Interview - Jan White

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Jan White has recently been awarded an honorary position of Professor of Practice by the University of Wales Trinity St David (UWTSD)


Jan White, Professor of Practice at the University of Wales Trinity St David

What is 'Professor of Practice' and why did the university award this to you?

It is an honorary position elected by the university council in recognition of outstanding leadership. I was delighted to be nominated by Dr Jane Waters, assistant dean research and knowledge transfer, and Ann-Marie Gealy, head of school, early years. The title is bestowed to recognise and honour an individual for having attained academic and/or professional distinction.

Professor of Practice places an emphasis on practice – it is awarded for extensive work in the field and influence on practice, rather than through following an academic route. I’ve spent many years studying child development, outdoor play and the outdoors as learning environment. For the past 18 years I’ve specilaised in outdoor provision in the early years.

Throughout my 30 years in education, I’ve always been driven to closely observe and research children outdoors and to work on my ability to see what is taking place for the child in the outdoors, and what their interaction with and relationship to their environment is.

This underpins my fascination with why it’s such a powerful environment for young children from birth to seven, and I have constantly used this awareness and understanding to consider how we can best harness the wonderful potential of the outdoors for well-being, play and learning, through advocacy, writing, training and developing packages of support.

Why is the University of Wales Trinity St David such a great partner for the work you do?

Education in Wales and UWTSD each have strengths in several very relevant areas for furthering work in play and learning outdoors. Education for sustainable development and global citizenship is at the heart of the whole Welsh education system, and the Foundation Phase from three to seven years is firmly situated within this agenda. The Foundation Phase encourages a play and experiential learning approach that emphasises the outdoors as a learning environment. Alongside a well-established early years team and strong ethos of working in partnership with professions and communities, together with a strategic emphasis around education for sustainability, the university’s new Athrofa: Professional Learning Partnership (a collaboration involving UWTSD’s Yr Athrofa: Institute of Education and a network of more than 100 schools) has just received accreditation from the Education Workforce Council, making it one of the main providers of teacher education in Wales.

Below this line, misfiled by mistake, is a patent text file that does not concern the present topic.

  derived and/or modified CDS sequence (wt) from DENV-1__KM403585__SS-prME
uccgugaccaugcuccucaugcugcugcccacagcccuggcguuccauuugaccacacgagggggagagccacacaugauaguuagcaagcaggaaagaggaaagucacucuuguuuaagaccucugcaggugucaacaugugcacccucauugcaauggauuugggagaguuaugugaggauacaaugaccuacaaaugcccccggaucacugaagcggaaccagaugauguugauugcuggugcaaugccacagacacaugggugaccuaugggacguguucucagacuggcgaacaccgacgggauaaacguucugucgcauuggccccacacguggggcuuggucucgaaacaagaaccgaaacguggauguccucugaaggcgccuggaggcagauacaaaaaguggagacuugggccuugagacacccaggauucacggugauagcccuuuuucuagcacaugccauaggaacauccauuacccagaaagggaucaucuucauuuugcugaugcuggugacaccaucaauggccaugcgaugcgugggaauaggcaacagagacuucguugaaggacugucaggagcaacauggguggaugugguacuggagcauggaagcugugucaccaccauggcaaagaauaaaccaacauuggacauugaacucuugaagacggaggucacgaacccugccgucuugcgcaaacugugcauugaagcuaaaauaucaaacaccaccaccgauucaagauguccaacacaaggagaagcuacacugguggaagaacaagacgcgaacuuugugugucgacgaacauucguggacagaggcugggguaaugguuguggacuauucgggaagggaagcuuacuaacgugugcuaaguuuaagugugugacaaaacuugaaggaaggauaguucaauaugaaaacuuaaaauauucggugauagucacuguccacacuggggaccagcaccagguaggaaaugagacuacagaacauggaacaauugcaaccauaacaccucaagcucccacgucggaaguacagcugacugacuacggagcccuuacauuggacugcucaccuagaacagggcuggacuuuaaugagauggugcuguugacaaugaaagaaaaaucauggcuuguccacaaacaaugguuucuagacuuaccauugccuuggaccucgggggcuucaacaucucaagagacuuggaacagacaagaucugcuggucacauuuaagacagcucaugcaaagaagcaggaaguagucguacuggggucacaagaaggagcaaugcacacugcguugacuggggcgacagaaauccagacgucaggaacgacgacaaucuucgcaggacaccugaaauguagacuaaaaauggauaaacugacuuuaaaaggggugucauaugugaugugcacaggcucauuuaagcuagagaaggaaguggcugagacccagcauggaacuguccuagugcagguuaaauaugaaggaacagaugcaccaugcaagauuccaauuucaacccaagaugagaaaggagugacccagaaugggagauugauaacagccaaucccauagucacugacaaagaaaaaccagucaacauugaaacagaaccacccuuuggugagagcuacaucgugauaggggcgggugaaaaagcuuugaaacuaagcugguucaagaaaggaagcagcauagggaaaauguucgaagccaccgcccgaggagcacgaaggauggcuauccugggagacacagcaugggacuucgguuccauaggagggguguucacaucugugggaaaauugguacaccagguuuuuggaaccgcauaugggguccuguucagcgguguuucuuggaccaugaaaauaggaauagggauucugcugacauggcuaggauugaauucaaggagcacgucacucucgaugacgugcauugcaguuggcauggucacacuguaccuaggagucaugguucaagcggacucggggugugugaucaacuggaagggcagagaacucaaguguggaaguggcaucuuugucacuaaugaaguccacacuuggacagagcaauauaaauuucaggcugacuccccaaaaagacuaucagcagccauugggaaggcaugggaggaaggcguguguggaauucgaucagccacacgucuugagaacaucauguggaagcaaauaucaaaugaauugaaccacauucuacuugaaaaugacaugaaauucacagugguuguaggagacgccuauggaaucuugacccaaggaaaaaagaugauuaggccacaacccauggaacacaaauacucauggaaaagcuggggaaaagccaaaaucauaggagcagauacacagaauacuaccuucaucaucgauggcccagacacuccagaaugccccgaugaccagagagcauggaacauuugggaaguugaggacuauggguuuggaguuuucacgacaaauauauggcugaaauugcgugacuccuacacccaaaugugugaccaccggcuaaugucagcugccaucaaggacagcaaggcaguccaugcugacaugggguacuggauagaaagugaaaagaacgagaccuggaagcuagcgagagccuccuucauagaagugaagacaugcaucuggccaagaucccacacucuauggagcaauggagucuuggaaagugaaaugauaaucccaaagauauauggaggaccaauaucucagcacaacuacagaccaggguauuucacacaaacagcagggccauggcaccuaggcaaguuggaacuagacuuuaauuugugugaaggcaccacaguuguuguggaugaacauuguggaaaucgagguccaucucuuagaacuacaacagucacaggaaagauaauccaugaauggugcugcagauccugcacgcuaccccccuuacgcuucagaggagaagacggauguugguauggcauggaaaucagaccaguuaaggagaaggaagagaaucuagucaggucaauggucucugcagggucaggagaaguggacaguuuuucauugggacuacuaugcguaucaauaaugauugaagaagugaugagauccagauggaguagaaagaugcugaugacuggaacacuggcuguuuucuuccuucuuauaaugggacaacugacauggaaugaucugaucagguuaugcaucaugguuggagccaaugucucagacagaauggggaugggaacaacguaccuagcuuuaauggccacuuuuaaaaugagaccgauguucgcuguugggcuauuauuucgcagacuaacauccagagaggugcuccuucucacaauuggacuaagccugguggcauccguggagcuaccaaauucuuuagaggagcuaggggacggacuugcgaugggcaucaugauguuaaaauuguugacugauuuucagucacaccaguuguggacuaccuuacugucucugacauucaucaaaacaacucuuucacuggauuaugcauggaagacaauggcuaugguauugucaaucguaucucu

What does the award mean for the early years sector?

I’m thrilled that this award recognises the importance and dedication of the early years as a sector. Professor of Practice is a recent innovation in the UK, which the University of Wales is spearheading in several disciplines to honour work done by people working in the field and to bring this practice into the university for the benefit both of students and staff. I believe this is the first time that this status has been bestowed in the field of early childhood education – and I hope one of further awards at this level, thereby raising the status of the informed thinking and researchful practice that we engage in every day.

How does this award influence the work that you are doing across the UK?

More specifically, this status should help me to do the enabling work that I’m now seeking to do across the UK with the recently launched social enterprise, Early Childhood Outdoors: The National Centre for Outdoor Play, Learning and Wellbeing.  Through this, we aim to connect people, organisations and settings dedicated to providing learning through play outside and who are pushing the boundaries of how we capture the special nature of the outdoors for all young children - and to enable and support them.

I am excited by the opportunities that lie ahead through this relationship with the university. In particular it will hugely help to drive our strands of work to raise the status and impact of working with the outdoors in early childhood development and education through research, training and qualifications.

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